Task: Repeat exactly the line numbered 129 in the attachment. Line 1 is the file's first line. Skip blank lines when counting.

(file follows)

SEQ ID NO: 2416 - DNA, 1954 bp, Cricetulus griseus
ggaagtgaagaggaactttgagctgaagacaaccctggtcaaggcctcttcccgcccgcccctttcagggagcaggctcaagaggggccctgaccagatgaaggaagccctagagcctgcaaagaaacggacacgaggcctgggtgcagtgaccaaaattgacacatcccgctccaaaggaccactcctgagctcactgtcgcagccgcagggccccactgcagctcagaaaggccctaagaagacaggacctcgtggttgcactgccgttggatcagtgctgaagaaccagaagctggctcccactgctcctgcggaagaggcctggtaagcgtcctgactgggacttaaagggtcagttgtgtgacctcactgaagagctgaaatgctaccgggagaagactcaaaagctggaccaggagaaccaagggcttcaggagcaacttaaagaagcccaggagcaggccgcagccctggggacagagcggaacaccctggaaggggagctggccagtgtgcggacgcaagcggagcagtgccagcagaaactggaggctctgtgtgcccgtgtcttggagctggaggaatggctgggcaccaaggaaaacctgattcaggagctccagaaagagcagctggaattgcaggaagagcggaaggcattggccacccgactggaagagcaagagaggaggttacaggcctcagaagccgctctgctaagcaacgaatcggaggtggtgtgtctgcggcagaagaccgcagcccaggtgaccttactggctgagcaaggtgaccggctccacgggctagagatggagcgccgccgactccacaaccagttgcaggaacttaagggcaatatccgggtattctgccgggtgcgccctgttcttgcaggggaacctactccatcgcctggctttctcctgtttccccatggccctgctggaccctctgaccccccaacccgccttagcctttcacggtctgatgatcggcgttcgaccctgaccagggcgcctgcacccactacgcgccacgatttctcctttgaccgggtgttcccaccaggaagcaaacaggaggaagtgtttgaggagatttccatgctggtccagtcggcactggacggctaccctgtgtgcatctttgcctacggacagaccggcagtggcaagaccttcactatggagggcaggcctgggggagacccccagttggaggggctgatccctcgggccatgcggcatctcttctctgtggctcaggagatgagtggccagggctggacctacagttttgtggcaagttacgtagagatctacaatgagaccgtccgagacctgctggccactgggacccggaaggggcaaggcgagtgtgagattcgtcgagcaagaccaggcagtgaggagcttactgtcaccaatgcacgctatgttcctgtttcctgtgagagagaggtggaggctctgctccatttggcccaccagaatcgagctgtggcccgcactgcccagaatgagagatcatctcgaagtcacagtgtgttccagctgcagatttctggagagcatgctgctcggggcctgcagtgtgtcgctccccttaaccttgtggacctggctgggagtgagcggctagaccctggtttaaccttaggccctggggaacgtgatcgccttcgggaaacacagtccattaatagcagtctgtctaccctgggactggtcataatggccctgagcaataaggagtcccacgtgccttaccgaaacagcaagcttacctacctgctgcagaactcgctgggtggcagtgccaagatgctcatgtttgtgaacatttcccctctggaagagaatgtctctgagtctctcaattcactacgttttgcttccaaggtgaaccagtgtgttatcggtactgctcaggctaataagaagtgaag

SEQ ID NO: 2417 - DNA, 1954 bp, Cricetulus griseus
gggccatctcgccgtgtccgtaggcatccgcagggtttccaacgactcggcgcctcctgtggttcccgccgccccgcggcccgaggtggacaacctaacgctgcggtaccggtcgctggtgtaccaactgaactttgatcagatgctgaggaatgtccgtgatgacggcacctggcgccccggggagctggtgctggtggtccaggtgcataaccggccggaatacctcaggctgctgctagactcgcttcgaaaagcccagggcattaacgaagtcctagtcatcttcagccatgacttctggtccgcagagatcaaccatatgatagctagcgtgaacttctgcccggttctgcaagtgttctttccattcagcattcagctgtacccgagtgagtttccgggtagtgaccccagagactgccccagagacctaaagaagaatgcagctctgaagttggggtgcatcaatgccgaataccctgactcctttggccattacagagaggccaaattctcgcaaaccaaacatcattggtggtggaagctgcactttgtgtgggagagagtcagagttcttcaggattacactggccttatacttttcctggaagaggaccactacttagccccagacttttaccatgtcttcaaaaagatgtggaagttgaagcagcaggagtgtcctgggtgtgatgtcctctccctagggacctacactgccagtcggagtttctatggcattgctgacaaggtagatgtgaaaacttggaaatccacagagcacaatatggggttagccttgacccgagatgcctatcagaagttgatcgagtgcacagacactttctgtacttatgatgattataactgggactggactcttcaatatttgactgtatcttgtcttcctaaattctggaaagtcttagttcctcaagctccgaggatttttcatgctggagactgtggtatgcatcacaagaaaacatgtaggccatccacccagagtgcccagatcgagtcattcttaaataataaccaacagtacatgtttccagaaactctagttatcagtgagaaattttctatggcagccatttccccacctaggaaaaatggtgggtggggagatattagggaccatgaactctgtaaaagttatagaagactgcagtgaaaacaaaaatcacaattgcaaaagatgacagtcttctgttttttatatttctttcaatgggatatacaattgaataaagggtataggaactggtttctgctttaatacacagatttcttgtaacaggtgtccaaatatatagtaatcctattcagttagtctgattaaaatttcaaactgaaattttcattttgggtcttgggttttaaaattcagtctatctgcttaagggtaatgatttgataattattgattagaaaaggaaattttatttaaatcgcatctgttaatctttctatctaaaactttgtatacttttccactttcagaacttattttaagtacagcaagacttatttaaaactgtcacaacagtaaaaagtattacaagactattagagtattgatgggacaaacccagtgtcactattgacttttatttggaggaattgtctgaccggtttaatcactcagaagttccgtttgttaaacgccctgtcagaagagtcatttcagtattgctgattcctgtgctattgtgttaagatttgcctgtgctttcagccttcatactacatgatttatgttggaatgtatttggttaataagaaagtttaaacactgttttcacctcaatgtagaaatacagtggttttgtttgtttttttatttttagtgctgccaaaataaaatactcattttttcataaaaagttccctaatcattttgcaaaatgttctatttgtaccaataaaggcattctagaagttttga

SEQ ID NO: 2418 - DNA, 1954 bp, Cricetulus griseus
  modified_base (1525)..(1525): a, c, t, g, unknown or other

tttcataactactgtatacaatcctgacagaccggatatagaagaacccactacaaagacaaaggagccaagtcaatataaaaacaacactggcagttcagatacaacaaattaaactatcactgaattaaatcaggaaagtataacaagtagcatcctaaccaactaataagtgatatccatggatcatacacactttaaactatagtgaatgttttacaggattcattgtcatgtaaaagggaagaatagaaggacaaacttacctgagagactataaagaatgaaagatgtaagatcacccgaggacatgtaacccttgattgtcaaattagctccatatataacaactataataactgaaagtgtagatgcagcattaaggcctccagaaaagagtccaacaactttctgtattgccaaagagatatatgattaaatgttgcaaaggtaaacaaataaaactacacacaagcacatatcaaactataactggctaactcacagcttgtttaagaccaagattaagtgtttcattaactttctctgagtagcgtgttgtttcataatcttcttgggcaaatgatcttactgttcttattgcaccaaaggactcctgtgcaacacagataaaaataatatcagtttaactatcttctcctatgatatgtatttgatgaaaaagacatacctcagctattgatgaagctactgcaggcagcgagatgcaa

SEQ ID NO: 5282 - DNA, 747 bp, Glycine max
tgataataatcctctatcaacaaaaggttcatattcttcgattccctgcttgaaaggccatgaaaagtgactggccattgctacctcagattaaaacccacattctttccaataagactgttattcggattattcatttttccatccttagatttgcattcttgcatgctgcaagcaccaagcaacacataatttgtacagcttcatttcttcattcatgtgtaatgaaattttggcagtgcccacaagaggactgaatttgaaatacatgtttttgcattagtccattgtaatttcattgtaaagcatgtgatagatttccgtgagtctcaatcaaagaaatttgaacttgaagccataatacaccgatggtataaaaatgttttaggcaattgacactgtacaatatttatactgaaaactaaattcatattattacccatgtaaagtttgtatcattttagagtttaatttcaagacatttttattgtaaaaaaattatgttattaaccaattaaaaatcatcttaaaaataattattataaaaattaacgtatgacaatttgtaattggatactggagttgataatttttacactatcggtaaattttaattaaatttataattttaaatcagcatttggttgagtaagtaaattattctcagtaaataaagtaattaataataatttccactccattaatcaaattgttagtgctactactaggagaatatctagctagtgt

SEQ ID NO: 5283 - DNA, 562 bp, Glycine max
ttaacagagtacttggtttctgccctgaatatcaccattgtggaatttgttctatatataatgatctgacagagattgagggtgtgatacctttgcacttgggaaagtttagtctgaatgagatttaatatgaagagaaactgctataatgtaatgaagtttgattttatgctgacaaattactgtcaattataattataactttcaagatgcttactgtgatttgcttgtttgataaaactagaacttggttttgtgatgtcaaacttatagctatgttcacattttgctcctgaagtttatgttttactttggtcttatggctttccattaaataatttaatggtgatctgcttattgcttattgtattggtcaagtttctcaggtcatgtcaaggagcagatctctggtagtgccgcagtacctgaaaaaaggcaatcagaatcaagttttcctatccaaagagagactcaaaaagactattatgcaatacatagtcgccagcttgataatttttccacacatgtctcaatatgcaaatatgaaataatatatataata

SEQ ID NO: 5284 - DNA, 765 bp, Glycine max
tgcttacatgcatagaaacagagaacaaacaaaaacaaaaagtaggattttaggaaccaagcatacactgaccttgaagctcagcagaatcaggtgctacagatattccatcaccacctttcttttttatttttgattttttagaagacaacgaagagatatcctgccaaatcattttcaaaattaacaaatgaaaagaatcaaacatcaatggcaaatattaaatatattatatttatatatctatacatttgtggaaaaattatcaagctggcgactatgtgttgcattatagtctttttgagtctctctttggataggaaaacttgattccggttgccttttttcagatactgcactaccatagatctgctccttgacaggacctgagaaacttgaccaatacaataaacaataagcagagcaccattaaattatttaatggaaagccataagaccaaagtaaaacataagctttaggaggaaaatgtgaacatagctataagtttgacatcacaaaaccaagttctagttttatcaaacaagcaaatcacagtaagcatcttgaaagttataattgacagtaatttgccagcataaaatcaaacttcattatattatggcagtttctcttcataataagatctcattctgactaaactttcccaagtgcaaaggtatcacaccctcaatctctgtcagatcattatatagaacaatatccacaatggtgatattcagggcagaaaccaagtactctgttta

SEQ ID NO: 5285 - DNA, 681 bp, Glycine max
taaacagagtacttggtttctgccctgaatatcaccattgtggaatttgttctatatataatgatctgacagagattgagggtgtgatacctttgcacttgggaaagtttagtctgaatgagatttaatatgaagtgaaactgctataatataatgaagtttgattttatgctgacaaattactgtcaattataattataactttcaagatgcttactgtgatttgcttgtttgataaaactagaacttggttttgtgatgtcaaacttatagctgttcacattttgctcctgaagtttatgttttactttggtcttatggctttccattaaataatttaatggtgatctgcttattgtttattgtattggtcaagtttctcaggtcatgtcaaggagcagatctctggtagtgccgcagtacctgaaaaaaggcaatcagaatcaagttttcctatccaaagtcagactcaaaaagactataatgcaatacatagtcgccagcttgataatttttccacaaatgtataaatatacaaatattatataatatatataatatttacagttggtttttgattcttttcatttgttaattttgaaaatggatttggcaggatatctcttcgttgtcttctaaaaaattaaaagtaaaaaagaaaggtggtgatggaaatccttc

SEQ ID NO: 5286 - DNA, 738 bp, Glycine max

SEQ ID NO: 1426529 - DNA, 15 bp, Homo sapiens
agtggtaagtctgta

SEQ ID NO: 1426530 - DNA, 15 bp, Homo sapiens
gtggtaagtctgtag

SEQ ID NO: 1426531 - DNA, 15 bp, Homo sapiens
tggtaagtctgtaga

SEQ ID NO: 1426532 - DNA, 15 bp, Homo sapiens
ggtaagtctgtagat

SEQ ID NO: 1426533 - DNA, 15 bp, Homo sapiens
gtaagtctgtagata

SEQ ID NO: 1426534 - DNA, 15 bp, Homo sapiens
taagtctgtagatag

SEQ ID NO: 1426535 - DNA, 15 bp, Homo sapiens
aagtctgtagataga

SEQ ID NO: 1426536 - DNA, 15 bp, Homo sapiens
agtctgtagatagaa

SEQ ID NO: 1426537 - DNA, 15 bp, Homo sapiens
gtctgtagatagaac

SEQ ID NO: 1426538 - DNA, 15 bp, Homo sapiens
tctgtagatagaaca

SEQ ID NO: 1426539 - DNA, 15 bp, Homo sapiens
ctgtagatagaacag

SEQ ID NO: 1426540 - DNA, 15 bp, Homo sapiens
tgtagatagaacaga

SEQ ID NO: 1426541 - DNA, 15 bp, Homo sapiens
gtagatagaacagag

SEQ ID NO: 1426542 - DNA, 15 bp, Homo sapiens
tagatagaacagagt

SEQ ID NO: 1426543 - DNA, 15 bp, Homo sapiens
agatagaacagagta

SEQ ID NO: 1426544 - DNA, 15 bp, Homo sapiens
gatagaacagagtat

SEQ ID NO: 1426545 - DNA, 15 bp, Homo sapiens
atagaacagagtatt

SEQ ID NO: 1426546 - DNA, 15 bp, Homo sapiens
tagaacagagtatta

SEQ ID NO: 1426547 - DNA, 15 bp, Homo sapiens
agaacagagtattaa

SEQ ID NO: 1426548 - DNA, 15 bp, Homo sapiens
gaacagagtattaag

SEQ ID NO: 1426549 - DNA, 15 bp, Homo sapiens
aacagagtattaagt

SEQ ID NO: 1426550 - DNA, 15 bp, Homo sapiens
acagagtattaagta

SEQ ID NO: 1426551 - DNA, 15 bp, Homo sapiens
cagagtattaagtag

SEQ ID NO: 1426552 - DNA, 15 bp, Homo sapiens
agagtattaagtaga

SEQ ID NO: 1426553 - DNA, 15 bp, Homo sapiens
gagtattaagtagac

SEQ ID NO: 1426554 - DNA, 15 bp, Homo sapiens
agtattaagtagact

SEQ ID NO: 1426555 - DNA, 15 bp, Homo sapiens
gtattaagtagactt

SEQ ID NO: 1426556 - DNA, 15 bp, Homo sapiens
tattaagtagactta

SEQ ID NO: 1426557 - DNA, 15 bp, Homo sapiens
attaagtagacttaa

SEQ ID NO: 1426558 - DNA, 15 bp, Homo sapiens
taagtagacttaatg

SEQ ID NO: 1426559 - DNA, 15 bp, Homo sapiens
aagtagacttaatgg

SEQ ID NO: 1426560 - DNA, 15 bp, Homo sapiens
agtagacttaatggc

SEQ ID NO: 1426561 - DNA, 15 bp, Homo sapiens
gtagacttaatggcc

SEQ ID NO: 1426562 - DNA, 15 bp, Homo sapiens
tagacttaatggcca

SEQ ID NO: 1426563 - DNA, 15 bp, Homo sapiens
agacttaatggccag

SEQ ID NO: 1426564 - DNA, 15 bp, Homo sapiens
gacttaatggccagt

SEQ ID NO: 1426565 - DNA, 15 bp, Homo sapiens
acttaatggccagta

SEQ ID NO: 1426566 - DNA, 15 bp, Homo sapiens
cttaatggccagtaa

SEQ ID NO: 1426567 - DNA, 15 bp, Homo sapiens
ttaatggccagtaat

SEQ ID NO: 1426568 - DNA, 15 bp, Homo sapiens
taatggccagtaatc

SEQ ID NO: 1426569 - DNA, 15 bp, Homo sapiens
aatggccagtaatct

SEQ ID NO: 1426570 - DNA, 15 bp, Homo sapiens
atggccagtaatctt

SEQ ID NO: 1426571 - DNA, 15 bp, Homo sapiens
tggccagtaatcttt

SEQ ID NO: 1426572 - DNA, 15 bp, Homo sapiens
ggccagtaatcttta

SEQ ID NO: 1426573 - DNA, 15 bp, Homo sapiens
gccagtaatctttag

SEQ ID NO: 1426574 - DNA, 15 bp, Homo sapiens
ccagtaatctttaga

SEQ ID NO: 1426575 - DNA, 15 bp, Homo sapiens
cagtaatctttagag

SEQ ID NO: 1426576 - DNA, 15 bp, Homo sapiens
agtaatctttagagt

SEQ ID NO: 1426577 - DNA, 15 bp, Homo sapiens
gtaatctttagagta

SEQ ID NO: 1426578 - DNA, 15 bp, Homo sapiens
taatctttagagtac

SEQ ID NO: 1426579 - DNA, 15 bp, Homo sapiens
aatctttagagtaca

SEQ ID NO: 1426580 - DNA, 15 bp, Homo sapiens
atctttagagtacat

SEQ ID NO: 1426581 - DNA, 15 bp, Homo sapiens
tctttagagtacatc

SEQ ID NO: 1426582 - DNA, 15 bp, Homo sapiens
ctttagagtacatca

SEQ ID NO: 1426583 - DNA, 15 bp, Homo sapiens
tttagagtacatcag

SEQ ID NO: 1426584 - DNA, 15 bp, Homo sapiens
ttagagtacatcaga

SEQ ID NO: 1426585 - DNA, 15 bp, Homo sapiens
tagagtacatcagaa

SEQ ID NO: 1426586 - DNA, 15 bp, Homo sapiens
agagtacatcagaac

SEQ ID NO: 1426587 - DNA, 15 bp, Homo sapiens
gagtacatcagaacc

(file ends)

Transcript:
SEQ ID NO: 1426585 - DNA, 15 bp, Homo sapiens